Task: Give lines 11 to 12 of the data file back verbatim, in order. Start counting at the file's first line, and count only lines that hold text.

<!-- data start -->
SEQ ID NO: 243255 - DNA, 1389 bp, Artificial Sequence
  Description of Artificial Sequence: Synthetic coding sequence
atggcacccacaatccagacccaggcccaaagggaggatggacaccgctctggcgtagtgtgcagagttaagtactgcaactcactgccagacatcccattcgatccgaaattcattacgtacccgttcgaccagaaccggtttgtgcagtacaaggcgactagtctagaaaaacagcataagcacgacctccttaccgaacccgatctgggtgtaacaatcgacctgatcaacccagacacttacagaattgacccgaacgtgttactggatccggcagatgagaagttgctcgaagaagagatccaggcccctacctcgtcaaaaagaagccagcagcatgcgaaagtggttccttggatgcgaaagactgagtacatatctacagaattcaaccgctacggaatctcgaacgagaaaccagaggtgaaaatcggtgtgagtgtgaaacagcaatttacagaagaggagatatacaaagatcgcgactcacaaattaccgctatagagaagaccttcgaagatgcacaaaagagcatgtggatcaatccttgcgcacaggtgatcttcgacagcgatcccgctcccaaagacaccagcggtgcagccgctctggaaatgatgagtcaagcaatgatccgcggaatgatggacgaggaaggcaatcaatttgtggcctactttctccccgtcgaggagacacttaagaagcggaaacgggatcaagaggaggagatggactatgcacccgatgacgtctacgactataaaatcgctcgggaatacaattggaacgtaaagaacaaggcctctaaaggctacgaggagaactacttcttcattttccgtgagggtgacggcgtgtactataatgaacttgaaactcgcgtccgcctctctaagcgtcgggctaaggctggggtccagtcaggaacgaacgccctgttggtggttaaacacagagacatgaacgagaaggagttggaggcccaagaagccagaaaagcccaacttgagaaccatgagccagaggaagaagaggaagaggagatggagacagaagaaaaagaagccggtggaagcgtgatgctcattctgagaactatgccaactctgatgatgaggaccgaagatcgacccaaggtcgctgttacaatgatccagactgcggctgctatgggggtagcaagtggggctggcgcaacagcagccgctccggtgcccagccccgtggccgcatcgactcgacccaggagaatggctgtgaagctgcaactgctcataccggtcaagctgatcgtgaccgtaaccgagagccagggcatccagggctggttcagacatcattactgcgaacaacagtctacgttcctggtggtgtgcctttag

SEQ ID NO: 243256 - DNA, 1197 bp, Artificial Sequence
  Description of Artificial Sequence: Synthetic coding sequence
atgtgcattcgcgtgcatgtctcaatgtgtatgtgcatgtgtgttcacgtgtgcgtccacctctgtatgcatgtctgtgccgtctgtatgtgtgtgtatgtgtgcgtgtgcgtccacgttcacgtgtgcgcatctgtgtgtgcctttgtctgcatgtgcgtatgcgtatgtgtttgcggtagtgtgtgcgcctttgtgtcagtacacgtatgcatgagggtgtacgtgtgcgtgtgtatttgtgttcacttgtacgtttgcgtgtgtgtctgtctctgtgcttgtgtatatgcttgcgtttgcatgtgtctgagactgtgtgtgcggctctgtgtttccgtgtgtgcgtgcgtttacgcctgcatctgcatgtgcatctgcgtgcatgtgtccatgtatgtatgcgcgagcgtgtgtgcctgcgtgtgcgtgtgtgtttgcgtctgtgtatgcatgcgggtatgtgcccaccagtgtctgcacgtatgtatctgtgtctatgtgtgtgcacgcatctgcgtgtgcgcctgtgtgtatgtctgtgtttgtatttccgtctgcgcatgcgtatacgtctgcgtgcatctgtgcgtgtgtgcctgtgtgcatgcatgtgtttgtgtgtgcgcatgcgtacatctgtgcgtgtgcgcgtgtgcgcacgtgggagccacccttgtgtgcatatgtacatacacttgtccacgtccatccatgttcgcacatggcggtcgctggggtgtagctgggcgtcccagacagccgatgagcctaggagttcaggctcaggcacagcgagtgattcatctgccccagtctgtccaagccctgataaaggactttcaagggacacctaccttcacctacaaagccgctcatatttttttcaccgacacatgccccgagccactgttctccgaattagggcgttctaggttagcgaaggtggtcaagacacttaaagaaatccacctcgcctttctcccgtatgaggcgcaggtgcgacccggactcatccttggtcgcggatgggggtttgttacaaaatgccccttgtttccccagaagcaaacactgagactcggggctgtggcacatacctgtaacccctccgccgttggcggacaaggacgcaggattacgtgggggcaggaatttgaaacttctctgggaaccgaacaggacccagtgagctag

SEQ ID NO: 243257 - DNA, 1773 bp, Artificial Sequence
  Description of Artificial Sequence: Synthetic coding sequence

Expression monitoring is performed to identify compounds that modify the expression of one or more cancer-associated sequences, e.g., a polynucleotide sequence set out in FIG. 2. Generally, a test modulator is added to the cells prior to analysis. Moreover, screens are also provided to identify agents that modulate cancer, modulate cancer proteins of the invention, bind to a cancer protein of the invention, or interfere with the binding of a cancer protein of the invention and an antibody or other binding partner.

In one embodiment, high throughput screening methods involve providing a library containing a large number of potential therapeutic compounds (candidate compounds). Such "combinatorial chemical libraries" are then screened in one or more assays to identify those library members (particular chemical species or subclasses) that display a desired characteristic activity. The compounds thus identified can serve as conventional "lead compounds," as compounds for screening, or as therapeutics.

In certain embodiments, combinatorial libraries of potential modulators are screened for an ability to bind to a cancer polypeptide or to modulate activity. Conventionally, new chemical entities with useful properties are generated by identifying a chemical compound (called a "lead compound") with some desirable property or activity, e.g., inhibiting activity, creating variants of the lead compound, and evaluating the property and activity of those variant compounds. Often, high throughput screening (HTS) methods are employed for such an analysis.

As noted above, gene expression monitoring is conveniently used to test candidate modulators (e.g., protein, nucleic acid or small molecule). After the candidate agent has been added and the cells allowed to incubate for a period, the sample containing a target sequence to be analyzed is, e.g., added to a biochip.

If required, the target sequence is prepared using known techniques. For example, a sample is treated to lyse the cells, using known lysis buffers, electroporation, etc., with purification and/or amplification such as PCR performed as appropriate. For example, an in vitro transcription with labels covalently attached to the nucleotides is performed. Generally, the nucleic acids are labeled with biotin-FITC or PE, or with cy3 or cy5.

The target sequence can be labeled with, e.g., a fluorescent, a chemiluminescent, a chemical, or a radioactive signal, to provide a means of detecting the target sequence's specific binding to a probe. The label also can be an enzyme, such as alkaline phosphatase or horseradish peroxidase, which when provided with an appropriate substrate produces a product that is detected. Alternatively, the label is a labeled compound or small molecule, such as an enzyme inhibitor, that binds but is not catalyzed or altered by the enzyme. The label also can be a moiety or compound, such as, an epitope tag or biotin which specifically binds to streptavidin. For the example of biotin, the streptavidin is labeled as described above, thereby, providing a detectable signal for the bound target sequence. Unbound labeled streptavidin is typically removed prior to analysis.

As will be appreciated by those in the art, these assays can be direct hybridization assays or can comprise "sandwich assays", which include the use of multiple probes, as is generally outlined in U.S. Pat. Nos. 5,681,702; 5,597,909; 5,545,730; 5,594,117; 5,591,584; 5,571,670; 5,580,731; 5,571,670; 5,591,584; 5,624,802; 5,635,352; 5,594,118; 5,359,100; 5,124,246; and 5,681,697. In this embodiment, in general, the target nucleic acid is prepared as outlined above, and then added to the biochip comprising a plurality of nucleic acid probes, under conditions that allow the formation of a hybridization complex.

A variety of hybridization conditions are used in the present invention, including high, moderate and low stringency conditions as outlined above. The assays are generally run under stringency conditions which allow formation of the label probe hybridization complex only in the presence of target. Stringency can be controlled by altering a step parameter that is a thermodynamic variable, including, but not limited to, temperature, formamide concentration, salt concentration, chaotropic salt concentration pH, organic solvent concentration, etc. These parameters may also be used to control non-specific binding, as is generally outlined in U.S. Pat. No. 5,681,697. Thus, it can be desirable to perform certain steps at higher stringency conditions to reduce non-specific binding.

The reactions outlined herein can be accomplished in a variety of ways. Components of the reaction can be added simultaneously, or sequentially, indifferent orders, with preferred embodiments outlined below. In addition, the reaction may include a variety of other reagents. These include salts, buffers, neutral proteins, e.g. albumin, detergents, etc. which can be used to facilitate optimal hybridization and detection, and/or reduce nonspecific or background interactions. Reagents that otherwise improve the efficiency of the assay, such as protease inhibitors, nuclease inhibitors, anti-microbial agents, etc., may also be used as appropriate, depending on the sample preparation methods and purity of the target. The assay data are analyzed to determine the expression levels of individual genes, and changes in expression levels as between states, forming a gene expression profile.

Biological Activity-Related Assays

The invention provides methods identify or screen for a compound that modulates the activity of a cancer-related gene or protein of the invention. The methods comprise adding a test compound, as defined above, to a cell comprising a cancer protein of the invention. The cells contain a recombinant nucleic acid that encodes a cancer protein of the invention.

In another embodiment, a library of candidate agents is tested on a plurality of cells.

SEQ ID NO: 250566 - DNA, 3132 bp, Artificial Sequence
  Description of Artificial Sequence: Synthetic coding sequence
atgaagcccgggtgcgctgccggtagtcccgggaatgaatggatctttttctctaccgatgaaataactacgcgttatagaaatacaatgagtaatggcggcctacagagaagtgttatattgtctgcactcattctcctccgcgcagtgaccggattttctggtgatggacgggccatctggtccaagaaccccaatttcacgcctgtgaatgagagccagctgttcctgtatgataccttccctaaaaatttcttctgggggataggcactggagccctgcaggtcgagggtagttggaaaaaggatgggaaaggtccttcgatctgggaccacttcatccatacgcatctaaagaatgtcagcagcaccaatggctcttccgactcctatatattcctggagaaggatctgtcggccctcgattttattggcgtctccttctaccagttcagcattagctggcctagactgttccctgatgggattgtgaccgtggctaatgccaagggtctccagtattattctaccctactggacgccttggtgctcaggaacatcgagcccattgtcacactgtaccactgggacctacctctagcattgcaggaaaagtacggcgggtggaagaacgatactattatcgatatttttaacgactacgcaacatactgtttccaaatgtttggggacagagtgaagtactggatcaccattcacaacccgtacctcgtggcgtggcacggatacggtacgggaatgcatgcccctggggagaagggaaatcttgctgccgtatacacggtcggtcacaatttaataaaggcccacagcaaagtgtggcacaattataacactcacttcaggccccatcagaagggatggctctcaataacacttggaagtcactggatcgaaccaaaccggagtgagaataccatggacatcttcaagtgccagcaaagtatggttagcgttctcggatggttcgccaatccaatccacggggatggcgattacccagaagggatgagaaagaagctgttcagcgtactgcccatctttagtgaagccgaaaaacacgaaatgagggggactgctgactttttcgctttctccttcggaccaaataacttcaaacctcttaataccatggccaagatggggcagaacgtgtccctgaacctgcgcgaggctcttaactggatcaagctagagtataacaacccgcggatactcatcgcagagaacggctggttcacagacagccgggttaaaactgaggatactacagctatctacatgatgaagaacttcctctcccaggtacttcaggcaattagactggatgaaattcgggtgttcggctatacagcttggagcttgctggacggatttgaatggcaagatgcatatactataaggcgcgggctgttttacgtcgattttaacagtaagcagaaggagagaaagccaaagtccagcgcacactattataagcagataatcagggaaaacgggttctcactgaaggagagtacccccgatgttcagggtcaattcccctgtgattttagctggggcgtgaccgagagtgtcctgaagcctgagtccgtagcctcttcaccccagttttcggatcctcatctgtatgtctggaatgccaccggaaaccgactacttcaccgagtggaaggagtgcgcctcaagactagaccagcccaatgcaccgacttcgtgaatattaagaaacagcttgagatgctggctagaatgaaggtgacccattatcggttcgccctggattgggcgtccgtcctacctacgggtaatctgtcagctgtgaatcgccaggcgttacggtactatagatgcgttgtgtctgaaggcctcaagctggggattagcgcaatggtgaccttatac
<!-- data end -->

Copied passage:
In certain embodiments, combinatorial libraries of potential modulators are screened for an ability to bind to a cancer polypeptide or to modulate activity. Conventionally, new chemical entities with useful properties are generated by identifying a chemical compound (called a "lead compound") with some desirable property or activity, e.g., inhibiting activity, creating variants of the lead compound, and evaluating the property and activity of those variant compounds. Often, high throughput screening (HTS) methods are employed for such an analysis.

As noted above, gene expression monitoring is conveniently used to test candidate modulators (e.g., protein, nucleic acid or small molecule). After the candidate agent has been added and the cells allowed to incubate for a period, the sample containing a target sequence to be analyzed is, e.g., added to a biochip.